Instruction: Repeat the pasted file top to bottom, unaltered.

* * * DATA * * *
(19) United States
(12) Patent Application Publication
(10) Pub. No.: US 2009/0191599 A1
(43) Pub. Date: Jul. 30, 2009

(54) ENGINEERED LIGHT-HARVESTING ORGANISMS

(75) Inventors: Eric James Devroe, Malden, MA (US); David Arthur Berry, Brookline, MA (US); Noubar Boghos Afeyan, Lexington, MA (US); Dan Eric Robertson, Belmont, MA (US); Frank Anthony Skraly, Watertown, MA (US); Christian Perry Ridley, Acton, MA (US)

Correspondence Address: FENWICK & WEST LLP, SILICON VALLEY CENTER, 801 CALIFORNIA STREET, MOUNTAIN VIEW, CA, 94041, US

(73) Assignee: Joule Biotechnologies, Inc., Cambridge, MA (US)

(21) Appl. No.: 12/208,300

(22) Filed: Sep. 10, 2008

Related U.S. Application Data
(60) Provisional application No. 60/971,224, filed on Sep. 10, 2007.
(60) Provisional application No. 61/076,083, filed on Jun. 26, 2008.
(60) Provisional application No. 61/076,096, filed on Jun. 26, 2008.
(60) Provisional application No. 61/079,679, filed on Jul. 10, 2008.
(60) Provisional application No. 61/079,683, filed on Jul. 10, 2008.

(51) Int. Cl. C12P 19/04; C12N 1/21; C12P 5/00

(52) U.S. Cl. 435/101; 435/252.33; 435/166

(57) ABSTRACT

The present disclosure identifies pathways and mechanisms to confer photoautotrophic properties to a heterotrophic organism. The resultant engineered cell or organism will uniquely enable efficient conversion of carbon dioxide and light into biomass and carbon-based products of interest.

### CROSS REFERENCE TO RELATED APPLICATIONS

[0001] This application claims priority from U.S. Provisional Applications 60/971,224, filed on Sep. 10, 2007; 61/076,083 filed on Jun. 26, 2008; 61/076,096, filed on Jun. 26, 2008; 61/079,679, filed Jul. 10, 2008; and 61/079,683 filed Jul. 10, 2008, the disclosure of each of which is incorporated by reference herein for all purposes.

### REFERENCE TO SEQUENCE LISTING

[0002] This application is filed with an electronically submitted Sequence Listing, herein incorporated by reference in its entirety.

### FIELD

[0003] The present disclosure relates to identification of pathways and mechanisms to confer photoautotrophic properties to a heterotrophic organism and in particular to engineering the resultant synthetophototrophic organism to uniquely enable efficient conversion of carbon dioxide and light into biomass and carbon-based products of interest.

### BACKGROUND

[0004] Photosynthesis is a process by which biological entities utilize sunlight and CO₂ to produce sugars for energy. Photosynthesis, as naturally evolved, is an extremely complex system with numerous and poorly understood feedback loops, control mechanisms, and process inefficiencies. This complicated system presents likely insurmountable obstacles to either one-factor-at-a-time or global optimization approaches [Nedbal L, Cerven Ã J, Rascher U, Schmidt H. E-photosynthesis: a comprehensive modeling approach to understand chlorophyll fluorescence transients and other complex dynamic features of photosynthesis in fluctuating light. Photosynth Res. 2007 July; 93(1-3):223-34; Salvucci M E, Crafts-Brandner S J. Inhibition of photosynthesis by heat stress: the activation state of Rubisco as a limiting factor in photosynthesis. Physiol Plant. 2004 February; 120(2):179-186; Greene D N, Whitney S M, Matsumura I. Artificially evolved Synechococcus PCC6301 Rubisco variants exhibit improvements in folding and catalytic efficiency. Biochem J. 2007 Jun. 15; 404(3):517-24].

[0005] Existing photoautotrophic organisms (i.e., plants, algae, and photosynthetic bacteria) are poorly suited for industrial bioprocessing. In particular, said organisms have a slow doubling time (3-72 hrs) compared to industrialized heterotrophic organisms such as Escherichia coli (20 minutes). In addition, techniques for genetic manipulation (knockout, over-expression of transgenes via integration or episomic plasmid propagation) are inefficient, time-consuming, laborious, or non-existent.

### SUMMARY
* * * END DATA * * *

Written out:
(19) United States
(12) Patent Application Publication
(10) Pub. No.: US 2009/0191599 A1
(43) Pub. Date: Jul. 30, 2009

(54) ENGINEERED LIGHT-HARVESTING ORGANISMS

(75) Inventors: Eric James Devroe, Malden, MA (US); David Arthur Berry, Brookline, MA (US); Noubar Boghos Afeyan, Lexington, MA (US); Dan Eric Robertson, Belmont, MA (US); Frank Anthony Skraly, Watertown, MA (US); Christian Perry Ridley, Acton, MA (US)

Correspondence Address: FENWICK & WEST LLP, SILICON VALLEY CENTER, 801 CALIFORNIA STREET, MOUNTAIN VIEW, CA, 94041, US

(73) Assignee: Joule Biotechnologies, Inc., Cambridge, MA (US)

(21) Appl. No.: 12/208,300

(22) Filed: Sep. 10, 2008

Related U.S. Application Data
(60) Provisional application No. 60/971,224, filed on Sep. 10, 2007.
(60) Provisional application No. 61/076,083, filed on Jun. 26, 2008.
(60) Provisional application No. 61/076,096, filed on Jun. 26, 2008.
(60) Provisional application No. 61/079,679, filed on Jul. 10, 2008.
(60) Provisional application No. 61/079,683, filed on Jul. 10, 2008.

(51) Int. Cl. C12P 19/04; C12N 1/21; C12P 5/00

(52) U.S. Cl. 435/101; 435/252.33; 435/166

(57) ABSTRACT

The present disclosure identifies pathways and mechanisms to confer photoautotrophic properties to a heterotrophic organism. The resultant engineered cell or organism will uniquely enable efficient conversion of carbon dioxide and light into biomass and carbon-based products of interest.

### CROSS REFERENCE TO RELATED APPLICATIONS

[0001] This application claims priority from U.S. Provisional Applications 60/971,224, filed on Sep. 10, 2007; 61/076,083 filed on Jun. 26, 2008; 61/076,096, filed on Jun. 26, 2008; 61/079,679, filed Jul. 10, 2008; and 61/079,683 filed Jul. 10, 2008, the disclosure of each of which is incorporated by reference herein for all purposes.

### REFERENCE TO SEQUENCE LISTING

[0002] This application is filed with an electronically submitted Sequence Listing, herein incorporated by reference in its entirety.

### FIELD

[0003] The present disclosure relates to identification of pathways and mechanisms to confer photoautotrophic properties to a heterotrophic organism and in particular to engineering the resultant synthetophototrophic organism to uniquely enable efficient conversion of carbon dioxide and light into biomass and carbon-based products of interest.

### BACKGROUND

[0004] Photosynthesis is a process by which biological entities utilize sunlight and CO₂ to produce sugars for energy. Photosynthesis, as naturally evolved, is an extremely complex system with numerous and poorly understood feedback loops, control mechanisms, and process inefficiencies. This complicated system presents likely insurmountable obstacles to either one-factor-at-a-time or global optimization approaches [Nedbal L, Cerven Ã J, Rascher U, Schmidt H. E-photosynthesis: a comprehensive modeling approach to understand chlorophyll fluorescence transients and other complex dynamic features of photosynthesis in fluctuating light. Photosynth Res. 2007 July; 93(1-3):223-34; Salvucci M E, Crafts-Brandner S J. Inhibition of photosynthesis by heat stress: the activation state of Rubisco as a limiting factor in photosynthesis. Physiol Plant. 2004 February; 120(2):179-186; Greene D N, Whitney S M, Matsumura I. Artificially evolved Synechococcus PCC6301 Rubisco variants exhibit improvements in folding and catalytic efficiency. Biochem J. 2007 Jun. 15; 404(3):517-24].

[0005] Existing photoautotrophic organisms (i.e., plants, algae, and photosynthetic bacteria) are poorly suited for industrial bioprocessing. In particular, said organisms have a slow doubling time (3-72 hrs) compared to industrialized heterotrophic organisms such as Escherichia coli (20 minutes). In addition, techniques for genetic manipulation (knockout, over-expression of transgenes via integration or episomic plasmid propagation) are inefficient, time-consuming, laborious, or non-existent.

### SUMMARY